That did it. I’d been concerned about getting this guy into trouble, but I finally made a complaint to Dr. Sprague. He put the cherry on top with his response. “You get what you deserve here.” This was the same guy who told me I had to give up my foolish notion of dancing and be what I was supposed to be – a housewife and a mother.

I’ve spoken to hundreds of women in pain over the years and most all share similar stories. Just like Hollywood and other industries where men hold positions of power, healthcare is filthy with this abusive, demeaning behavior. What makes it worse for us is that our lives are being turned upside down by pain and fatigue and we’re desperate to get better. We’ll take almost anything to get out of this rabbit hole of suffering.

But the #MeToo movement is changing this paradigm. We don’t need to submit to sexual predators to advance our careers, attain positions of leadership or get decent, humane pain care.

If this ever happens to me again, I’ll confront the healthcare professional – and go straight to the clinic or hospital administrator. With pain care, trust and feeling safe is all important as part of our healing process. Anything less is completely unacceptable.

I’m grateful to the #MeToo movement for me and all women in pain. Let it be our beacon of strength, courage and self-respect.

Cynthia Toussaint is founder of For Grace, a Los Angeles-based non-profit that works on issues facing women in pain. She is also a frequent contributor to the National Pain Report.

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There are 20 comments for this article
  1. Angelica Heavner at 6:29 am

    That is so uncalled for. Did you by any chance report any of them to the state medical boards? If not you should. Not one of them should keep their license to practice.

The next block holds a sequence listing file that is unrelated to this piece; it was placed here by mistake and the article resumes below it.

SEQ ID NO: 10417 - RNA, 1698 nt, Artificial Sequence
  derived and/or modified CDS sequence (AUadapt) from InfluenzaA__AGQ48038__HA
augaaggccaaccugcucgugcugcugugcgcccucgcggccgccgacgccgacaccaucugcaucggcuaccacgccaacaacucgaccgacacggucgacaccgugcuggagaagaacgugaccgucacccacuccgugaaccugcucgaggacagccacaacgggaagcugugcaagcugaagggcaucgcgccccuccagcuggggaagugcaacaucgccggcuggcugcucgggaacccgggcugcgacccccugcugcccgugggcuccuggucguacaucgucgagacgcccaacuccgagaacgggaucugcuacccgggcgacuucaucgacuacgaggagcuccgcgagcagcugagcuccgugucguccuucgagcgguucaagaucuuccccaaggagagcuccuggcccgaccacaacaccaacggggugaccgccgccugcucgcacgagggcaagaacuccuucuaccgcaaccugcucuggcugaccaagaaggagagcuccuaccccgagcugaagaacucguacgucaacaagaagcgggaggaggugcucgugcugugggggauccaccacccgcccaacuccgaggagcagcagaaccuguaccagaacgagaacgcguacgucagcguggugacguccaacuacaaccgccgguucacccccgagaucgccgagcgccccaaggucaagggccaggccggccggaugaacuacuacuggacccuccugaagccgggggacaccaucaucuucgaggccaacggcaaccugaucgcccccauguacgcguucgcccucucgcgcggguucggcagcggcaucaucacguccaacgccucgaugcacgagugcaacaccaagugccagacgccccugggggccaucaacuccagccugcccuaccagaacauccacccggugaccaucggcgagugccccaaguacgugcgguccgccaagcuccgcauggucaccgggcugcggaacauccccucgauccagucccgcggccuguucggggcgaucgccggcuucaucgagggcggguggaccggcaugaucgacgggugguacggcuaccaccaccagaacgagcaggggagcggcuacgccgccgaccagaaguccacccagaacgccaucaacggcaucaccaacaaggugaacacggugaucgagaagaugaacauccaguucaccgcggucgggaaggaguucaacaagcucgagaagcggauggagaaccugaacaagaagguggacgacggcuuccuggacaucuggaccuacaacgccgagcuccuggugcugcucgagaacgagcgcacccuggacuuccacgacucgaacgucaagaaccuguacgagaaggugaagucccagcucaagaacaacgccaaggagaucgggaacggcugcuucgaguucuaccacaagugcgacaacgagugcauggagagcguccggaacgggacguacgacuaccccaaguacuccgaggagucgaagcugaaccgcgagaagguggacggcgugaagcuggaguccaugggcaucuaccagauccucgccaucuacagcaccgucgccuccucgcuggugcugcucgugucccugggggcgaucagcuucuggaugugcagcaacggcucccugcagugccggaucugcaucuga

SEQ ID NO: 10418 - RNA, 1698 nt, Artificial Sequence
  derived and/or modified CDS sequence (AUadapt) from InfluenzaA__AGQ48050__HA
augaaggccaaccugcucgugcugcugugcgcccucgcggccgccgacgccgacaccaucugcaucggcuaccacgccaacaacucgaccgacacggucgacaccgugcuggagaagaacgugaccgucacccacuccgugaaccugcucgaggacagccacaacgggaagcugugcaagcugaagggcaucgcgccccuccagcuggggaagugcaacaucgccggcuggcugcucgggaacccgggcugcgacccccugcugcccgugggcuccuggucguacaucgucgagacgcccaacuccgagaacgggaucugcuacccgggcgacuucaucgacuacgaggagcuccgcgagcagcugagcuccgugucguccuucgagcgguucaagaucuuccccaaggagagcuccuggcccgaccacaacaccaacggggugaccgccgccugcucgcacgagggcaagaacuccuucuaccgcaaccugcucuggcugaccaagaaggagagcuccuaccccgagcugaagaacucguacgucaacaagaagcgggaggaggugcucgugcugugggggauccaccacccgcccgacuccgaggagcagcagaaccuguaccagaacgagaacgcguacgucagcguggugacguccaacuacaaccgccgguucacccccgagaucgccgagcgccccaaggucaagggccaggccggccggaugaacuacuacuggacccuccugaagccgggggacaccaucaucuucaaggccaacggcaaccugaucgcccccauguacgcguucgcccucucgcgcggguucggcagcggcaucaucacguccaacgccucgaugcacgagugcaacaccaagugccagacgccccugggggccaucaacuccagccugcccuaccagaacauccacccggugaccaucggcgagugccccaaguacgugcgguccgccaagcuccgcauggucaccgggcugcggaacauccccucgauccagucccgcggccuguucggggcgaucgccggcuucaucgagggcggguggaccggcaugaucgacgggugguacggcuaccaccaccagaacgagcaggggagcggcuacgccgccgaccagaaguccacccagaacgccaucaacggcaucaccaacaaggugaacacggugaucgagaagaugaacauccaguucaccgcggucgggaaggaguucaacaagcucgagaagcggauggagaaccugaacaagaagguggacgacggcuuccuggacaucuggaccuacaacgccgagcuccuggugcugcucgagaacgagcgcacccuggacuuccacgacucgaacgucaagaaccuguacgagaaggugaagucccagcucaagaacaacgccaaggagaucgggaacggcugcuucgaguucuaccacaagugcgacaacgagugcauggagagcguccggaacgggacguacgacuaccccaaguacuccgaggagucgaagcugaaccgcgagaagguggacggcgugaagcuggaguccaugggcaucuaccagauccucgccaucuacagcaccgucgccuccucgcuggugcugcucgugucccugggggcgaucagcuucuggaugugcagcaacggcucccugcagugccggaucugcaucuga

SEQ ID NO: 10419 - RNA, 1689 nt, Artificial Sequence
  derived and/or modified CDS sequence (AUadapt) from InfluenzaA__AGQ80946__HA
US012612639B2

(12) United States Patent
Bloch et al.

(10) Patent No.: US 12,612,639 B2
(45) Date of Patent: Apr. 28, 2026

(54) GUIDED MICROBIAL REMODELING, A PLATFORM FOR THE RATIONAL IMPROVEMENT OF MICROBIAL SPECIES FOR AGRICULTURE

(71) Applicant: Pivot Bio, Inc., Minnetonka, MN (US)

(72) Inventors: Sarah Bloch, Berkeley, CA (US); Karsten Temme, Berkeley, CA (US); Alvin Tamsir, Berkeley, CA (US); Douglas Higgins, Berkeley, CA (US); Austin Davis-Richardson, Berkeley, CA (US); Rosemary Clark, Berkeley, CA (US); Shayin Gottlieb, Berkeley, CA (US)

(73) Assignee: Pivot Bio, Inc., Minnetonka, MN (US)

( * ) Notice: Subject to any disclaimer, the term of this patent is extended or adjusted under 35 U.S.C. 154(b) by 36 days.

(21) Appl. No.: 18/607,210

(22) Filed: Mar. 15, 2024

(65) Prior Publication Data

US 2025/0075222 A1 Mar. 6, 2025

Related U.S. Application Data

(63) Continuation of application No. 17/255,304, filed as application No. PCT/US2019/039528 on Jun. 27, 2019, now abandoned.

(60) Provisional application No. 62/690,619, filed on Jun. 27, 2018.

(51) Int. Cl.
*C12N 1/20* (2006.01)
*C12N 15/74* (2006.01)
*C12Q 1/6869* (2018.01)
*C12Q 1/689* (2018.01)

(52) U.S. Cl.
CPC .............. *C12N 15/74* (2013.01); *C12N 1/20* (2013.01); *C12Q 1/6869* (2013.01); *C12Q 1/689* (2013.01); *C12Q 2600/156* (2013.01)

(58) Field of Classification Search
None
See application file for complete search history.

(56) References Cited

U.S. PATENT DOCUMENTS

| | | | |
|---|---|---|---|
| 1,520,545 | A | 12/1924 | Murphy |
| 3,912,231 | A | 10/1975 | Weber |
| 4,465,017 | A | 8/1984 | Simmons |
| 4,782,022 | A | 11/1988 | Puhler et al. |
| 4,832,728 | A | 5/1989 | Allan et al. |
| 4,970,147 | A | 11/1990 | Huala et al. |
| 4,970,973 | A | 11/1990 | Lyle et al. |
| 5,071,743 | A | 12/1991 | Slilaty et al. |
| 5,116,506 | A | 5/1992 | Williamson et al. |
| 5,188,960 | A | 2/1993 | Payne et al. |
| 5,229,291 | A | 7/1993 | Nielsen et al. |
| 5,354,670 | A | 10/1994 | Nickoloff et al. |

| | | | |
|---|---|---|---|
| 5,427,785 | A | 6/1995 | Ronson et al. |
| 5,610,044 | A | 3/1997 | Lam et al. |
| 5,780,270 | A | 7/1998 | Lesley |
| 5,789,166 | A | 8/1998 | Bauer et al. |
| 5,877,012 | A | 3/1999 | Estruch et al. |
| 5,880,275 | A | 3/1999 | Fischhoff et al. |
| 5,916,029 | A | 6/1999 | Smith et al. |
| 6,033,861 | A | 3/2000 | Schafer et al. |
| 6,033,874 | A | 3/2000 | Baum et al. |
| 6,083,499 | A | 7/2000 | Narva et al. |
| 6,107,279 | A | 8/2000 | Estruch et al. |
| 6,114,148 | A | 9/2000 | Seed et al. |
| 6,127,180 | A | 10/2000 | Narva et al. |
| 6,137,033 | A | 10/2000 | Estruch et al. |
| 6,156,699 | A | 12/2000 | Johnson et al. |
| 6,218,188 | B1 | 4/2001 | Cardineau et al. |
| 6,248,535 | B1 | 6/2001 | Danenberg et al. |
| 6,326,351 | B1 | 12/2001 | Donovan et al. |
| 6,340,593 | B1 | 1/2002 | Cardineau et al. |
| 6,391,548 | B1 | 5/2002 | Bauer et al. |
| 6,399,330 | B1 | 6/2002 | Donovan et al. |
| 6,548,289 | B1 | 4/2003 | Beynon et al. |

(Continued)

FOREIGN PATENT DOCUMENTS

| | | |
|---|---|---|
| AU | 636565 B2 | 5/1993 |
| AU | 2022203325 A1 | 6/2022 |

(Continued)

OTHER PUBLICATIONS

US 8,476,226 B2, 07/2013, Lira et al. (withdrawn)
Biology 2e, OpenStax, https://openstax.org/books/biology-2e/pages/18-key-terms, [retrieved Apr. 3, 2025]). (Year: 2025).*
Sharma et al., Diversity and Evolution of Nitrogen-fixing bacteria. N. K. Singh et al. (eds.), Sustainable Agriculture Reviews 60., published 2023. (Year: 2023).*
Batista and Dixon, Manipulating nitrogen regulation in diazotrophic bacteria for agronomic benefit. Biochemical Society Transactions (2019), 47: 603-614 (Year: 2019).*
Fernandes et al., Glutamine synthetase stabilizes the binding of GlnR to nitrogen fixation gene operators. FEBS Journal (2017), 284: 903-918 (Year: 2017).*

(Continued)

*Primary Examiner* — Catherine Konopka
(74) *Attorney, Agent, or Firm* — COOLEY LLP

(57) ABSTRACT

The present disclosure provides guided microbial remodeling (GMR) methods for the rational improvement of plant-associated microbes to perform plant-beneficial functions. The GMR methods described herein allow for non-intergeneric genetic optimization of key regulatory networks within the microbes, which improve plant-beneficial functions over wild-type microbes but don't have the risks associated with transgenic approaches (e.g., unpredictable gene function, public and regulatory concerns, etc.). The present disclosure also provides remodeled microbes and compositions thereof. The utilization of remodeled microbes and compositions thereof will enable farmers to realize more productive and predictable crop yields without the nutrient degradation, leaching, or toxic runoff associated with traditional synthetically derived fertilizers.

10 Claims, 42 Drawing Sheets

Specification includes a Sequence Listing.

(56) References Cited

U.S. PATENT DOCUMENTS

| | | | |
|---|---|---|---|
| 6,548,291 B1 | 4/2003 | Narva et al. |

2. Linda at 6:48 am

    # Me Too, last year when sent to the only pain specialist in my area, and I walked out with flashbacks of being raped 35 years ago.
    I can’t get passed it.

    Because the only reason my family doctor sent me there was so she could pass the buck on prescribing opiods. Dump it in the hands of another doctor. And he acted like he was the God of all women. He was from India or some place similar, and I just can’t believe I’m the only one who was treated like this by him, and I can’t believe I’m the only one who’s ever complained.

    What I do know is that my complaint made to the president of this Medical practice, (a-large one) went totally unanswered!

    And at this point and time, that experience has set me back by leaps and bounds. Here I am a year later and I am still trying to get my severe, chronic and life altering pain addressed.
    My family doctor COULD be helping with my pain because she it certainly qualified, but she’s weak and after discussions with her, I know she does not feel forced by the CDC at all, but rather bought in their propaganda.

    My heart goes out to you. Period.

  3. HJ at 2:36 am

    I’ve been treated to emotional abuse: